UNIT IV: Mass and Form

UNIT V: Scale and Context

OBJECTIVE: To introduce both traditional and non-traditional approaches to the concept of mass as applied to three-dimensional form. To explore how an object’s intended use, materials, context, and installation can influence its aesthetic and social make up.

GOAL: Create a site-specific boat sculpture that examines human relationships.

PROJECT: Awash, Adrift, Away


  1. Listen to presentation on boats, art, and boat art.
  2. Brainstorm with your team about a relationship topic that you’d be interested in using as inspiration for your boat. Be sure to write it down.
  3. Parse your brainstorm into a concept map.
  4. Sketch out at least 10 different ideas for boat designs
  5. Using plain paper, make maquettes for at least 3 of your sketches.       A maquette is a quick model made without scale.
  6. Again using paper make a scale model of one of your maquettes.       Use the simple 1”:12” scale.
  7. Measure your model to make sure one or two people could fit in it comfortably. Try drawing the deck space out full scale in chalk on the parking lot to be sure.
  8. Divide your model into flat panels that can be cut out of plywood. Lay them out on pieces of 4”x8” paper to see how to get the most millage out of your plywood.
  9. Participate in the woodworking safety demonstration.
  10. Using the t-square and a scale grid to transfer your model templates to the plywood.
  11. Cut out your plywood pieces.
  12. Assemble the sides, transoms, and frames using 1”x1” cleats, screws, fiberglass tape, and polyurethane glue. Let dry. Remember to drill pilot holes for all screws.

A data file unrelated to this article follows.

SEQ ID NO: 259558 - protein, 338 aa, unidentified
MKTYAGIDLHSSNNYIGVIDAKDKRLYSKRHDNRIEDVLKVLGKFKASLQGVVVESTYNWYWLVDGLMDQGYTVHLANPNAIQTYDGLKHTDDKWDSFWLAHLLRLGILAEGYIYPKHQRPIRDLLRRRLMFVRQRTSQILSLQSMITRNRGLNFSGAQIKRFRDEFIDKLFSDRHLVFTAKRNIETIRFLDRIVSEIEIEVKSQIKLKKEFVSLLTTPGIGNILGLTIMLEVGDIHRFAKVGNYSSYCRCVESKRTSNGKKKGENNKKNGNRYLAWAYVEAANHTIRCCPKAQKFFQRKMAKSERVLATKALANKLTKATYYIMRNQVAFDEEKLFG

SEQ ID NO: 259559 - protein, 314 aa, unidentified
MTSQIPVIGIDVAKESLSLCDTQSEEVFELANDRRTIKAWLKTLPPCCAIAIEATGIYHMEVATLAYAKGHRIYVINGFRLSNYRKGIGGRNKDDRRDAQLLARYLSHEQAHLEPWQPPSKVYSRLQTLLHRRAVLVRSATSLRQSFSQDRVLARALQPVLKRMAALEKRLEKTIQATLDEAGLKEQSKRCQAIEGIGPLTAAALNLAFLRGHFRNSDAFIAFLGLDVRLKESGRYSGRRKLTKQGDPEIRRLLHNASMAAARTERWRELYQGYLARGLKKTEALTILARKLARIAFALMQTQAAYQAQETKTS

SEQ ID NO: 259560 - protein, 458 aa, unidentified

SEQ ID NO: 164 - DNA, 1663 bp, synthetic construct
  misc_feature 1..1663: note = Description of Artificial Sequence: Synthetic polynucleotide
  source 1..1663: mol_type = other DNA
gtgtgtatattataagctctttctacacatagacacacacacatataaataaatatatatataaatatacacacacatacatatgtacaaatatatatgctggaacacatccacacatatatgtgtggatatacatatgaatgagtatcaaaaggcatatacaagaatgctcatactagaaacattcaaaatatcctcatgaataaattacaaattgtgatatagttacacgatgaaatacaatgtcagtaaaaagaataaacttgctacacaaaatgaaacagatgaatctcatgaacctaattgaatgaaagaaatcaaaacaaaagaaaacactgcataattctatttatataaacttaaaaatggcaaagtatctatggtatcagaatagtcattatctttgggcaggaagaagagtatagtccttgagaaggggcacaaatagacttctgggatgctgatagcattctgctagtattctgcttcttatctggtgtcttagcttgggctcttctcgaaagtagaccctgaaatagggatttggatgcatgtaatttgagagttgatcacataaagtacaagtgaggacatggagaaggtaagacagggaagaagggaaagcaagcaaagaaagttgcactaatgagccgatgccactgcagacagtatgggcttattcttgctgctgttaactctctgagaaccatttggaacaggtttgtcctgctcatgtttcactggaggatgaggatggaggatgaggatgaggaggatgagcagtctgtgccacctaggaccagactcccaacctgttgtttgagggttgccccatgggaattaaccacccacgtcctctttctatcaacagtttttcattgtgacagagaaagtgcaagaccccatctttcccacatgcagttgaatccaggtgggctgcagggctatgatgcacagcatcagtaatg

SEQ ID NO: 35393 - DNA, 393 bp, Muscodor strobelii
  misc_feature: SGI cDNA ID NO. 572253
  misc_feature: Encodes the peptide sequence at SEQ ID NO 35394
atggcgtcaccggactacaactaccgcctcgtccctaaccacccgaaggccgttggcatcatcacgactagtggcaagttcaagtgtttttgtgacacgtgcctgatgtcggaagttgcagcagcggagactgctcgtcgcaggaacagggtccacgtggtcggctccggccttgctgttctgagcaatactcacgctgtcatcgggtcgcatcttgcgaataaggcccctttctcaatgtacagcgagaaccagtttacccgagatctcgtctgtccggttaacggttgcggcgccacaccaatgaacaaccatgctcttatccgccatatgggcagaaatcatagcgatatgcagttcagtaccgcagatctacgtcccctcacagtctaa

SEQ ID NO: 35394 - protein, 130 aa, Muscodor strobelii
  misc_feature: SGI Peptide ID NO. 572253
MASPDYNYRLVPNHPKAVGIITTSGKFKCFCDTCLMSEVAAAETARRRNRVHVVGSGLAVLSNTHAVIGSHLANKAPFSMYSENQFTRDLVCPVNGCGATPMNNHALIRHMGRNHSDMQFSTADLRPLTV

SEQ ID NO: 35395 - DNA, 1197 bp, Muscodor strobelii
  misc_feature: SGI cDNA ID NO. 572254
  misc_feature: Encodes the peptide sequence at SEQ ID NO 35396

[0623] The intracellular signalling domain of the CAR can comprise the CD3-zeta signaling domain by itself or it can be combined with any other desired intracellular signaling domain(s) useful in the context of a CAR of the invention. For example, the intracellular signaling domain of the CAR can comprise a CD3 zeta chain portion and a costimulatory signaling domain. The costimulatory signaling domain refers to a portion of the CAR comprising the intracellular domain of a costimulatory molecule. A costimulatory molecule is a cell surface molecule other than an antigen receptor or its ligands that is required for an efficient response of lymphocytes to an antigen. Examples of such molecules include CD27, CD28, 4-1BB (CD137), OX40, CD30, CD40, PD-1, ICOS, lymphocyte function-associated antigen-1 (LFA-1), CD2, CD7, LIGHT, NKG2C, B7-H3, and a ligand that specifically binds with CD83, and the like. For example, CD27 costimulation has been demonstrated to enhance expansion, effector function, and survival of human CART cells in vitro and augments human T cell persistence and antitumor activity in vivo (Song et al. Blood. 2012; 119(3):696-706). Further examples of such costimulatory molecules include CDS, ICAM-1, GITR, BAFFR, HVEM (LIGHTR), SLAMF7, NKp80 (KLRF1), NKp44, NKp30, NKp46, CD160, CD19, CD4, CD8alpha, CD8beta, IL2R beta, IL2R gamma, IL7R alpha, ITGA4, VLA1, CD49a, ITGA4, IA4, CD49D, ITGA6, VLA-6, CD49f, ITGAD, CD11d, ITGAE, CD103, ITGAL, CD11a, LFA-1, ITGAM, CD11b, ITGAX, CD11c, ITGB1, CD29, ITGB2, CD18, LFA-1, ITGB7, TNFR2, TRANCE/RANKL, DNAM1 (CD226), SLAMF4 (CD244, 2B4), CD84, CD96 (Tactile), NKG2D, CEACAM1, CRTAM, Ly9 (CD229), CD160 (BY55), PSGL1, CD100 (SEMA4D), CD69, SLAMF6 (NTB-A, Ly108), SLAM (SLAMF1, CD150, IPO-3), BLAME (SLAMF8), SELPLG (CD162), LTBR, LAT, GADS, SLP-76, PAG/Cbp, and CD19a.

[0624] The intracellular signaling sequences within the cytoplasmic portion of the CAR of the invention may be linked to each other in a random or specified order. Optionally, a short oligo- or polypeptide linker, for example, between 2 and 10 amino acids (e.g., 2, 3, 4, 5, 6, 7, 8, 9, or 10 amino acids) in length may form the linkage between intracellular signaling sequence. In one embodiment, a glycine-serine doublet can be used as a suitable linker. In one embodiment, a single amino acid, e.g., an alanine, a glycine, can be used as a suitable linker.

13. Cut out the bottom to fit and attach it in a similar manner.
  14. Install any seats, dragon heads, lanterns, or other embellishments you want to add.
  15. Paint the boat with exterior grade latex house paint, outside, and on a tarp.
  16. Hooray! You have a boat! Take a sail in Tempe Lake…

READING: Launching the Imagination chapters 9, 10, 11, 12

VOCABULARY: form, function, analogy, appropriation, layering, metaphor, cliché, hybrid, iconography, simile, stereotype, port, starboard, aft, fore, bow, stern, keel, rudder, transom, strake, mass, density, weight, gravity, simulation, surface, tactile, traditional/non-traditional, subtractive, additive, synthetic, representational, nonobjective, abstract

REFERENCES: Survival Research Laboratory, Richard Deacon, Kain Tapper, Patricia Renick, Dale Chihuly, Frank Bolter, Tom Loeser, Nancy Rubins, Matthias Pliessnig

MATERIALS: 2 sheets of ¼” exterior plywood, 2 2”x2” pine studs, 1 tube polyurethane glue, fiberglass tape, screws, tie wire, exterior latex house paint – for one boat. Paper, pencils, masking tape – for model.

TOOLS: Tape measure, pencils, T-square, saw horses, jig saw, hand drill, screwdriver, paintbrush, clamps, sandpaper

GRADING: 25pts

  • 3 – Sketches
  • 4 – Communication
  • 3 – Model
  • 4 – Composition
  • 3 – Comprehension / Reqs
  • 4 – Concept / Intent
  • 4 – Craft

NOTES: Work in teams of three on one boat.


  • Bow – Front of a boat.
  • Stern – Back of a boat.
  • Starboard – Right side of a boat, marked with a green light
  • Port – Left side of a boat, marked with a red light
  • Transom – Back side of a boat, some boats that are not pointy also have a transom at the bow as well
  • Stem – A boat with a pointed bow usually has a thicker piece of wood where the two sides meet
  • Skeg – A fin permanently fixed to the bottom of a boat to help it travel in a strait line
  • Deck – The top sides of a boat, some boats have no deck such as canoes
  • Frame – Creates a bulkhead or floatation chamber when combined with the sides, deck, and hull
  • Aft – Towards the stern
  • Fore – Towards the bow
  • Arrr – Pirate for “come get some” or “yes” when combined with matey.